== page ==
In partnership with the Cheyenne River Sioux Tribe’s Indian Child Welfare program, CRYP hosted a Masquerade Ball & Community Dinner at Cokata Wiconi (Center of Life) on Friday, Feb. 22. The evening event, which was open to children of all ages as well as adults, drew nearly 100 members of the Eagle Butte community.

Guests were able to play a variety of games for prizes in the Cokata Wiconi gymnasium, including fish pond and cake walk, and decorate their own masquerade masks. Then, following a traditional Lakota blessing, they enjoyed a community meal of sloppy Joes, hot dogs, salad, chips and cake.

According to CRYP staff, this family-friendly event was a special occasion for younger children to dress up in formal or semiformal attire, enjoy an evening out with family members and friends, make valuable memories, and experience the Cokata Wiconi facilities, where they will transition for youth programming once they turn 13.

“Events like this give our 4- to 12-year-olds a taste of our teen programs—and what Passion for Fashion is all about,” says Jerica Widow, CRYP’s youth programs director. “They can explore and experiment with their own unique styles, champion positive self-esteem and healthy body image, invest in new friendships, and also make memories with the older generations who are there to support them. We’re very much hoping to make this an annual celebration, just like Passion for Fashion.”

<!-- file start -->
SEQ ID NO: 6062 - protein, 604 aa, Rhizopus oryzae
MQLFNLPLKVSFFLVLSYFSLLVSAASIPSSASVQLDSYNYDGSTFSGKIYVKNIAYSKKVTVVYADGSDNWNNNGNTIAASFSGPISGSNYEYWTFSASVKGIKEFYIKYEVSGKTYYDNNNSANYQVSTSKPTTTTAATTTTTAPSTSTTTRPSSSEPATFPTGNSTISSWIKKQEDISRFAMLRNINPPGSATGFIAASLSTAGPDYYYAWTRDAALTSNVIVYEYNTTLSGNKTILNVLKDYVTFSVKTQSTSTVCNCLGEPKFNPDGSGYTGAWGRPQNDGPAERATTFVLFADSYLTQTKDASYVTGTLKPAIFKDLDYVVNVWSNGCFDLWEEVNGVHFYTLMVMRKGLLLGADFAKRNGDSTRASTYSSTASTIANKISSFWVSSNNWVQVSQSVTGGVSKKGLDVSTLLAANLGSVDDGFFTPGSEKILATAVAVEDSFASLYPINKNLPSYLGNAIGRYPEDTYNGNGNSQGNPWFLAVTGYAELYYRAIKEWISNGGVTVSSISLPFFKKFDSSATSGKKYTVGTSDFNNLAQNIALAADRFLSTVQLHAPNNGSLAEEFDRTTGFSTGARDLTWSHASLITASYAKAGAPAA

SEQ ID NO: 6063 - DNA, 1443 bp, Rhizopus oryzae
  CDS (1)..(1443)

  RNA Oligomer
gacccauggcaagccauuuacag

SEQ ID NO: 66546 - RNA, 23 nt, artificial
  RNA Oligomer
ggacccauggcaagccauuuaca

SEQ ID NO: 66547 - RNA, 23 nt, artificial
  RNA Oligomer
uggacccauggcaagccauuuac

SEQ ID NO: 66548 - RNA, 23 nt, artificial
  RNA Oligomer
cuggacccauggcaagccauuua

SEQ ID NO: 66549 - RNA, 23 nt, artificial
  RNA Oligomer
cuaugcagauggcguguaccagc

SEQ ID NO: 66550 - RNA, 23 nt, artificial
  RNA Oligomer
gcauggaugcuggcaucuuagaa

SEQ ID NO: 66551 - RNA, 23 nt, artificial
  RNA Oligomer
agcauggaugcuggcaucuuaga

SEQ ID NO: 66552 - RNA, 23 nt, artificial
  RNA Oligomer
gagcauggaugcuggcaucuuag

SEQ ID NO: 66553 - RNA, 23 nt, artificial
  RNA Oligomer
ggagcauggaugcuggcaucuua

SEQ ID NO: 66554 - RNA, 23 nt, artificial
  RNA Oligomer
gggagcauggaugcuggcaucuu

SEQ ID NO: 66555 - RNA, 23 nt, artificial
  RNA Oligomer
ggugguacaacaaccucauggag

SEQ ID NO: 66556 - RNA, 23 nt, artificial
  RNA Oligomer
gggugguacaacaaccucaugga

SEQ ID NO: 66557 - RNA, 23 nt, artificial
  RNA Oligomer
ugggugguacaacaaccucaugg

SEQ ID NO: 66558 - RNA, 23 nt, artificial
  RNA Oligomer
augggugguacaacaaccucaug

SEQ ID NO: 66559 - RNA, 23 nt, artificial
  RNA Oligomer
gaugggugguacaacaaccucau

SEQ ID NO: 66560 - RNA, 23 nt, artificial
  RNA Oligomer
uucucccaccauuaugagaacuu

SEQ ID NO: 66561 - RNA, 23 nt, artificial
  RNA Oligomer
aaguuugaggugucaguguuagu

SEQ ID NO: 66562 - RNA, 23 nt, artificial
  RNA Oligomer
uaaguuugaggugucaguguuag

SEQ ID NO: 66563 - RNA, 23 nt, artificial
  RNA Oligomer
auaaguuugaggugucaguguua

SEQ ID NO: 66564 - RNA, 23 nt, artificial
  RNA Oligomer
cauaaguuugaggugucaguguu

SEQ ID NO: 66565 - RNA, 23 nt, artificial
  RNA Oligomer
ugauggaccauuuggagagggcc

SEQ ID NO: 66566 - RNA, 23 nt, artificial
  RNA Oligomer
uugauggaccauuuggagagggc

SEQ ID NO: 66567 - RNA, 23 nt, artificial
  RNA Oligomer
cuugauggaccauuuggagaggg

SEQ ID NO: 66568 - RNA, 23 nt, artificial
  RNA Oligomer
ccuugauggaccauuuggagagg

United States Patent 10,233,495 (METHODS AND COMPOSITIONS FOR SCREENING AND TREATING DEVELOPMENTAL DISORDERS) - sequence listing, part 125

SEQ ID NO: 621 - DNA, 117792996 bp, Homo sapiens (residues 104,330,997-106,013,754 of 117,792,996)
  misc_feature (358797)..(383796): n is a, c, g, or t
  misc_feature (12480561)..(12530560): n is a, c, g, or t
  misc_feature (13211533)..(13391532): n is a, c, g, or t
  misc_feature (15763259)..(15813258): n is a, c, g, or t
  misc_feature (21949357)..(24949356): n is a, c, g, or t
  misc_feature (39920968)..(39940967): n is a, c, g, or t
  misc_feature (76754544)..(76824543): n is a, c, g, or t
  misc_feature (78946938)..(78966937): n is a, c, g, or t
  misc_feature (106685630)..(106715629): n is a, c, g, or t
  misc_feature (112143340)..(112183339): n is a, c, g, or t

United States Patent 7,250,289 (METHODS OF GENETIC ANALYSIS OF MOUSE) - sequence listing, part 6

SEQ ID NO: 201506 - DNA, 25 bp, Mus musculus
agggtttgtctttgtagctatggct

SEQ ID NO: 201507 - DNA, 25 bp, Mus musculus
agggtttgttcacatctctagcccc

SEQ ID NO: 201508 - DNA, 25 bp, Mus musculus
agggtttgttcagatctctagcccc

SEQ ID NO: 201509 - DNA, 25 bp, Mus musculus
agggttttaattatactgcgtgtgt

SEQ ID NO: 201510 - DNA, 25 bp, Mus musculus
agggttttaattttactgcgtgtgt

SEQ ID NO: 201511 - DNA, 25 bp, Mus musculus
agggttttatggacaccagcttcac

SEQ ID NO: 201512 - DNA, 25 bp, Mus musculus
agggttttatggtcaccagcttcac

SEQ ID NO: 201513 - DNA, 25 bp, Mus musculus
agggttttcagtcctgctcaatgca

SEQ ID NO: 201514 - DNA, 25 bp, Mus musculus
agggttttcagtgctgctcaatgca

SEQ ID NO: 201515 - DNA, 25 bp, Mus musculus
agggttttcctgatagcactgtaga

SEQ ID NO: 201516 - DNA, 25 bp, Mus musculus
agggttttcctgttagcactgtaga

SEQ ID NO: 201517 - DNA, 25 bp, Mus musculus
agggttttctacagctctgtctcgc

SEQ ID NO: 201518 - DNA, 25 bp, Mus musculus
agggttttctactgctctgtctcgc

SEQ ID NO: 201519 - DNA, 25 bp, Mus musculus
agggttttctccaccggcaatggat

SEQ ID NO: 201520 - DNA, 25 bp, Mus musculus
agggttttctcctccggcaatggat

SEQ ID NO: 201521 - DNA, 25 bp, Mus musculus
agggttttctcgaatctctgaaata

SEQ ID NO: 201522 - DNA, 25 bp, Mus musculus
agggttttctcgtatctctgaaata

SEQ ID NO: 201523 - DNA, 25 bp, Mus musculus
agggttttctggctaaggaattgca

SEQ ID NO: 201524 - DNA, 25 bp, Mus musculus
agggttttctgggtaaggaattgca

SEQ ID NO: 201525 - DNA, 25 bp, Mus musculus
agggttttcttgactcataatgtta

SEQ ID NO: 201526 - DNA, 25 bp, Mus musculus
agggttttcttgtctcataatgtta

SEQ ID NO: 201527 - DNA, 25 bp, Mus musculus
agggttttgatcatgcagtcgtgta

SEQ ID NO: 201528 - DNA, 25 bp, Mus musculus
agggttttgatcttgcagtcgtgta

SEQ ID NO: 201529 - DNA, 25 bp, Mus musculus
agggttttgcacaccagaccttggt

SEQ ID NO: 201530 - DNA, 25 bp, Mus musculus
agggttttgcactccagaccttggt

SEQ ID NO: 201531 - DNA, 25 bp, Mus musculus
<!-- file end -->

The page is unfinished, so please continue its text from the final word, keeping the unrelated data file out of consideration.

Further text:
For the Masquerade Ball attendees, the evening provided young people with what CRYP is famous for: new opportunities to learn, grow and simply have fun, while also embracing Lakota values and strengthening the bonds within their community and their own families.

“Thank you guys for everything you do for our community—it means a lot,” wrote a young party-goer named Zianne in a colorful thank-you note. “I used to come here (because it is) a place to have fun and be safe. You guys have helped me a lot, and still continue to. Keep up the great work! Love you all.”

To stay up to date on the latest CRYP news and events, follow the youth project on Facebook (/LakotaYouth), Twitter (@LakotaYouth) and Instagram (@waniyetuwowapi).

The Cheyenne River Youth Project, founded in 1988, is a grassroots, not-for-profit organization dedicated to providing the youth of the Cheyenne River reservation with access to a vibrant and secure future through a wide variety of culturally sensitive and enduring programs, projects and facilities that ensure strong, self-sufficient families and communities.

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